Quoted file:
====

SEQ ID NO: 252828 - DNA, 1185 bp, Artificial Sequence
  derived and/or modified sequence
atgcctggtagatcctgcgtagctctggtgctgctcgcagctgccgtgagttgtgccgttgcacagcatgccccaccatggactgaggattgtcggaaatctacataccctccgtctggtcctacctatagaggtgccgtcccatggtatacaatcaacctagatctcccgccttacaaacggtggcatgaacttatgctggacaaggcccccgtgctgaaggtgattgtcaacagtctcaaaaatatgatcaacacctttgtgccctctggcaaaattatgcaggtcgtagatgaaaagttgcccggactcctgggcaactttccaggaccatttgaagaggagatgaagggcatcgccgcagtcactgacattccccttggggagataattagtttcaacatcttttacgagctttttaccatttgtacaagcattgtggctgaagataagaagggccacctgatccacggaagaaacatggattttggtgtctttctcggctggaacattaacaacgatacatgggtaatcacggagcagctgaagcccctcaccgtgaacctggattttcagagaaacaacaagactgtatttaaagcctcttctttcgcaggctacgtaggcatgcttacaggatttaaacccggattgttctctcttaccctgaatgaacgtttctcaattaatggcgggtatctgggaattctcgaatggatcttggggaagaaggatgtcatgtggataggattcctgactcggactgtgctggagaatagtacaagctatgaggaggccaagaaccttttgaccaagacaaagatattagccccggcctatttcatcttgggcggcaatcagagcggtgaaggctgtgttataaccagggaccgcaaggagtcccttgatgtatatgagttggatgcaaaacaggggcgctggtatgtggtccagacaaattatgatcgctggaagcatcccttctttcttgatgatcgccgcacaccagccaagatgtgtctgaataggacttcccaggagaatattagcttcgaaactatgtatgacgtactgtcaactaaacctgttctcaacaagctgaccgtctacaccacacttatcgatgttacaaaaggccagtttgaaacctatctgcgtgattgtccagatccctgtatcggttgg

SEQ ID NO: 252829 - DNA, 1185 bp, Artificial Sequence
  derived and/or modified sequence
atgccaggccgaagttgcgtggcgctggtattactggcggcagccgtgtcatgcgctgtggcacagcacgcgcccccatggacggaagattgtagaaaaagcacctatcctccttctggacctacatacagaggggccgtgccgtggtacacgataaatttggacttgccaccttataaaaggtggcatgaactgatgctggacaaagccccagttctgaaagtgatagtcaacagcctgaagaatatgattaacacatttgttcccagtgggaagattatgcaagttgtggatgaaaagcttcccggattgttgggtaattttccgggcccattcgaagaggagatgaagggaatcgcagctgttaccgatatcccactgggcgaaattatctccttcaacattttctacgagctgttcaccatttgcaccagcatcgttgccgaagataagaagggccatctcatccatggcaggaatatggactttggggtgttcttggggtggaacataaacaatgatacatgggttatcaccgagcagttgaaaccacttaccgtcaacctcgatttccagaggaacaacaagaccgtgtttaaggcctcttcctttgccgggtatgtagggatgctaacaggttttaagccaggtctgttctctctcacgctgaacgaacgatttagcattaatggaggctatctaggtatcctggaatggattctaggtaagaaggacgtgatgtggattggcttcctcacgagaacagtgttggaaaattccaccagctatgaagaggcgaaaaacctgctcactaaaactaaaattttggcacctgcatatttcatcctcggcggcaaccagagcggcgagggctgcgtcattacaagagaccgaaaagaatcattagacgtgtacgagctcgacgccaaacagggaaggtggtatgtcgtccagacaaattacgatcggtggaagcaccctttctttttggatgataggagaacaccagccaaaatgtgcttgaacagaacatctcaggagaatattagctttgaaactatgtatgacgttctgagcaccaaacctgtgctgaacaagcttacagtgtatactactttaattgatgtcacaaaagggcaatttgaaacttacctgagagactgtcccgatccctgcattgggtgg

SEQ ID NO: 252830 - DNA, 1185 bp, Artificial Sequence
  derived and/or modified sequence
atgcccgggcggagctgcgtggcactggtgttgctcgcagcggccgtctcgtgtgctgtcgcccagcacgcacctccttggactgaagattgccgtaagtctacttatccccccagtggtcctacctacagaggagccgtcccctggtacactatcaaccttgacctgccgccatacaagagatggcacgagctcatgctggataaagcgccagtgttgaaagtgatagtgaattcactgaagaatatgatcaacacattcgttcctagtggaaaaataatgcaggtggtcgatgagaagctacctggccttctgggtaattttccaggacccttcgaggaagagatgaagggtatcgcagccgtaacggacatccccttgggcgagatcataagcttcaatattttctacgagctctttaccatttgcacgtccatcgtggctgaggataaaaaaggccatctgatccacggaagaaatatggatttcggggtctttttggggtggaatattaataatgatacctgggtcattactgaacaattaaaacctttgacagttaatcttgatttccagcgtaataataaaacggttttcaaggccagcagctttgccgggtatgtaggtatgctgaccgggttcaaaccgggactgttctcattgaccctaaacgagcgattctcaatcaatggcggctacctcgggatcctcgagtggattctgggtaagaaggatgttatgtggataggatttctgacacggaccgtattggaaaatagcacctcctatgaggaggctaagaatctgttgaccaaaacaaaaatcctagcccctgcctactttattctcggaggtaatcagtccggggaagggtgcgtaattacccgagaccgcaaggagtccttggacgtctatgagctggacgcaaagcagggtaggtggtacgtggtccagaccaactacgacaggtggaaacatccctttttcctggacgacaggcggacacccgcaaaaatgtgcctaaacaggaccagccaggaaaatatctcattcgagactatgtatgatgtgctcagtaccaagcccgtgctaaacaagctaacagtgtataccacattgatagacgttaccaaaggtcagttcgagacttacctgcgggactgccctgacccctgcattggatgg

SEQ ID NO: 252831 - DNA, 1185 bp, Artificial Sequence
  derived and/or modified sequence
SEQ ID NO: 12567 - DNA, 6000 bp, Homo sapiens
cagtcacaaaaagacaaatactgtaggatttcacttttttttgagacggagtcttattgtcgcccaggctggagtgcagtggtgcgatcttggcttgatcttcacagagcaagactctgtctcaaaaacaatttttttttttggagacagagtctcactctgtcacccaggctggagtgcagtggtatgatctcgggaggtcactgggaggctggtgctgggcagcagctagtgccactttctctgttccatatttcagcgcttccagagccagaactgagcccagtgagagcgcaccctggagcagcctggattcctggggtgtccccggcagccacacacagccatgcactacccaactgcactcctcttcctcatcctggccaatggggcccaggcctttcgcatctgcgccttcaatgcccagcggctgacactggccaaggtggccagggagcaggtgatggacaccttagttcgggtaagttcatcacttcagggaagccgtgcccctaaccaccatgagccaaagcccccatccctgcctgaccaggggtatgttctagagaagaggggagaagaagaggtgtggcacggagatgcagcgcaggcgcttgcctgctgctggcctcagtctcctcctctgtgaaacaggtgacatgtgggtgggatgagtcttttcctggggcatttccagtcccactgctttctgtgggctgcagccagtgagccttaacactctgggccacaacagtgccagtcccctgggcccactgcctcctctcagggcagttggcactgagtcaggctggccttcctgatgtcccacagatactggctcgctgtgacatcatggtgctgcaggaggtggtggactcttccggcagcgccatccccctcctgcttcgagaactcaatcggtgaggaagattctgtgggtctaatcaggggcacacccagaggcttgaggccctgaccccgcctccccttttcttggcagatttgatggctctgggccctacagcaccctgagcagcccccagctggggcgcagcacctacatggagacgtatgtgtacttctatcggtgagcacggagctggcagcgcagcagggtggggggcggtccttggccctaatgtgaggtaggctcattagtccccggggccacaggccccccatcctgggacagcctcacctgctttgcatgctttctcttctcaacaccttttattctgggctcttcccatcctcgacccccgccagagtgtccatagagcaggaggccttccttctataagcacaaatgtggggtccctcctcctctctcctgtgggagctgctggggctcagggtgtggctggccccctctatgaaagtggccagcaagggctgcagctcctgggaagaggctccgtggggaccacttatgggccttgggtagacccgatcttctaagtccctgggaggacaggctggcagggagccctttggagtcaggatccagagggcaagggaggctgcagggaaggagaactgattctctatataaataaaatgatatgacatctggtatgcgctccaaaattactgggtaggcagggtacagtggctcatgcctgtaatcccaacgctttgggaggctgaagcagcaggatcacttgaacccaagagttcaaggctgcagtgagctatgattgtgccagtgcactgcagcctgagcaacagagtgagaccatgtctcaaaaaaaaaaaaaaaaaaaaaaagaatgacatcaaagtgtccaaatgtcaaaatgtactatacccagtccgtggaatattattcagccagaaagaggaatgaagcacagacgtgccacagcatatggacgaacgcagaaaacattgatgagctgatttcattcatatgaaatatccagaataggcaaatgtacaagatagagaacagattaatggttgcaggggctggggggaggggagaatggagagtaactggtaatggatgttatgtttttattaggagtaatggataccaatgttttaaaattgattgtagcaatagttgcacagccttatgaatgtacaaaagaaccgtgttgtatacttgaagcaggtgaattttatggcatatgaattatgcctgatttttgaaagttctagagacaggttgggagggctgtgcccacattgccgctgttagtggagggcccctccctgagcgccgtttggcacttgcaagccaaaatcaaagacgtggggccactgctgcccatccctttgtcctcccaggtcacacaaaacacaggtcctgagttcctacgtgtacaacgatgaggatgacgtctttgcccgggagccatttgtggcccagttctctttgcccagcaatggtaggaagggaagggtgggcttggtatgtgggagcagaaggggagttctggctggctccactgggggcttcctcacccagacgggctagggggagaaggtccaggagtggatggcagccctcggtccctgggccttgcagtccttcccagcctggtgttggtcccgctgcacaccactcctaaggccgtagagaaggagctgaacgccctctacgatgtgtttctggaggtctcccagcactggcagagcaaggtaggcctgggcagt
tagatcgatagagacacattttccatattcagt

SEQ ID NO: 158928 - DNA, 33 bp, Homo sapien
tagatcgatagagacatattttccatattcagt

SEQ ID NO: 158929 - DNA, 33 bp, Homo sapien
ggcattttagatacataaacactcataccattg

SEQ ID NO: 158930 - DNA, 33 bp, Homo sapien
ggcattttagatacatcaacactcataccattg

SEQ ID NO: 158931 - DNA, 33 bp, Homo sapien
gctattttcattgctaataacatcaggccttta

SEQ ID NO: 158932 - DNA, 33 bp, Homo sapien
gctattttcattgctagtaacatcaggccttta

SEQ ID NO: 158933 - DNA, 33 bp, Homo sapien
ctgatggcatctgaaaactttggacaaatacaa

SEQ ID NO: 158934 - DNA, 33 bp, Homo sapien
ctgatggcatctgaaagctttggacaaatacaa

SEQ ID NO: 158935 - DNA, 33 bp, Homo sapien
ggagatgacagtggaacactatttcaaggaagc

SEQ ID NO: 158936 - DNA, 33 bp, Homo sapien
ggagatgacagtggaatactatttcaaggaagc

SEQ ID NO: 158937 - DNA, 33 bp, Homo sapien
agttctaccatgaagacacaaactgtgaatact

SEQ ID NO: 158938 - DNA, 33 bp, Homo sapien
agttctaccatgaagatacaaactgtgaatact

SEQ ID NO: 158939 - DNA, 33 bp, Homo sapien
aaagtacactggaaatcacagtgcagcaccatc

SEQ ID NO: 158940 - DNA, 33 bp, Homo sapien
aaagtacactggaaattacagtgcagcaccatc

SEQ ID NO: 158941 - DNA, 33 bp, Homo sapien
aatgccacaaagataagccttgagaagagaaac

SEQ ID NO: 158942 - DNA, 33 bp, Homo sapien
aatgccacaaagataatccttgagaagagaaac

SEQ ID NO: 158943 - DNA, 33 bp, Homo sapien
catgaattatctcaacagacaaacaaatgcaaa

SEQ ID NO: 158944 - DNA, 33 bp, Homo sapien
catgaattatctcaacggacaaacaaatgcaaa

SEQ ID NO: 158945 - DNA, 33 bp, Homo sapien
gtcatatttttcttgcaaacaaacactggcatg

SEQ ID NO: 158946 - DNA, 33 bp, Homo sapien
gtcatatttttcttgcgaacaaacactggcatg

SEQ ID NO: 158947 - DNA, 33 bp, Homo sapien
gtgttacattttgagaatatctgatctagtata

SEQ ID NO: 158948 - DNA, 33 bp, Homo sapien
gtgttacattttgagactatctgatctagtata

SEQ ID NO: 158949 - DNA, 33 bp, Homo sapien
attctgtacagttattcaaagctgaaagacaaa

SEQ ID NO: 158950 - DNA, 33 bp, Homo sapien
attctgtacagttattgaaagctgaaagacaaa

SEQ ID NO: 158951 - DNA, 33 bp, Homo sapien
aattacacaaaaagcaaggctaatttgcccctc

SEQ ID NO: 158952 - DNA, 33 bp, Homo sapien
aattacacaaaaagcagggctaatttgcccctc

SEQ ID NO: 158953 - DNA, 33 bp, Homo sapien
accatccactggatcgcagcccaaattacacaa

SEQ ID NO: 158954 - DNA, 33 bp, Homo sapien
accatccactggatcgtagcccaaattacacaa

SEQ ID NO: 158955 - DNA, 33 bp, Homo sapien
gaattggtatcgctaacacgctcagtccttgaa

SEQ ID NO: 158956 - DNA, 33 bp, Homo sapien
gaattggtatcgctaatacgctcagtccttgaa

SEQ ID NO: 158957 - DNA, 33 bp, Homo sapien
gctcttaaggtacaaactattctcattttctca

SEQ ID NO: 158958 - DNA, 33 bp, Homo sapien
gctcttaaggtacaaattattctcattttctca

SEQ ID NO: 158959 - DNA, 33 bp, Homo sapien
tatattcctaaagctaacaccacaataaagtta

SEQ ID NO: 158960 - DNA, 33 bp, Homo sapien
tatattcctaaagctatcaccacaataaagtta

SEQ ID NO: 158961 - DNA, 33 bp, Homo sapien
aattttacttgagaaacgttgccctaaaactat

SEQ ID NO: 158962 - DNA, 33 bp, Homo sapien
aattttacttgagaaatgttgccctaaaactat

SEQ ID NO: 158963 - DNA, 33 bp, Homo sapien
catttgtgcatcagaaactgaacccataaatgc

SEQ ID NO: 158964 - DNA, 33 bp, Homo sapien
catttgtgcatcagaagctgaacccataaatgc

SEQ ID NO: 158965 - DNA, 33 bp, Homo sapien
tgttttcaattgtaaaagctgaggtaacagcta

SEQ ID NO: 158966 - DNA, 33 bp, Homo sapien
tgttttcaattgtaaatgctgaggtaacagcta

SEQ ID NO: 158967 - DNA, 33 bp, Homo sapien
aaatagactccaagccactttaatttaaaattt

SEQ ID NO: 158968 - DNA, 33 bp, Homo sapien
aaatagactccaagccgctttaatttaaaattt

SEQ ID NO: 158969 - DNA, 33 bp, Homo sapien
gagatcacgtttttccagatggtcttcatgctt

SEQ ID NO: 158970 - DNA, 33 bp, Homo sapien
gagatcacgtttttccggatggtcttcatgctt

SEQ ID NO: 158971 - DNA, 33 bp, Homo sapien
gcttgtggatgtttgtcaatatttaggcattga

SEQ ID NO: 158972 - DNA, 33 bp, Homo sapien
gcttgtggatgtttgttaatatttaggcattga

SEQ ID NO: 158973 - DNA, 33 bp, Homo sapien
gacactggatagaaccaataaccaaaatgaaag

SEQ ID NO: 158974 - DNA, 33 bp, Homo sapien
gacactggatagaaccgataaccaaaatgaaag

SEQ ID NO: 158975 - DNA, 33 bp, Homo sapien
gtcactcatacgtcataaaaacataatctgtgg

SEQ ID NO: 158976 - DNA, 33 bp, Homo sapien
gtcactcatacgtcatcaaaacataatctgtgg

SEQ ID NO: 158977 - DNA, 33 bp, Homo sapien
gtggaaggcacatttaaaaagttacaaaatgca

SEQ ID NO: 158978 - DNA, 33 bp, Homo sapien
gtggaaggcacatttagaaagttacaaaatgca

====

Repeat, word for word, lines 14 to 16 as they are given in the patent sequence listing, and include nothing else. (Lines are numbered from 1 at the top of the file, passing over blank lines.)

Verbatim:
tagatcgatagagacacattttccatattcagt

SEQ ID NO: 158928 - DNA, 33 bp, Homo sapien
tagatcgatagagacatattttccatattcagt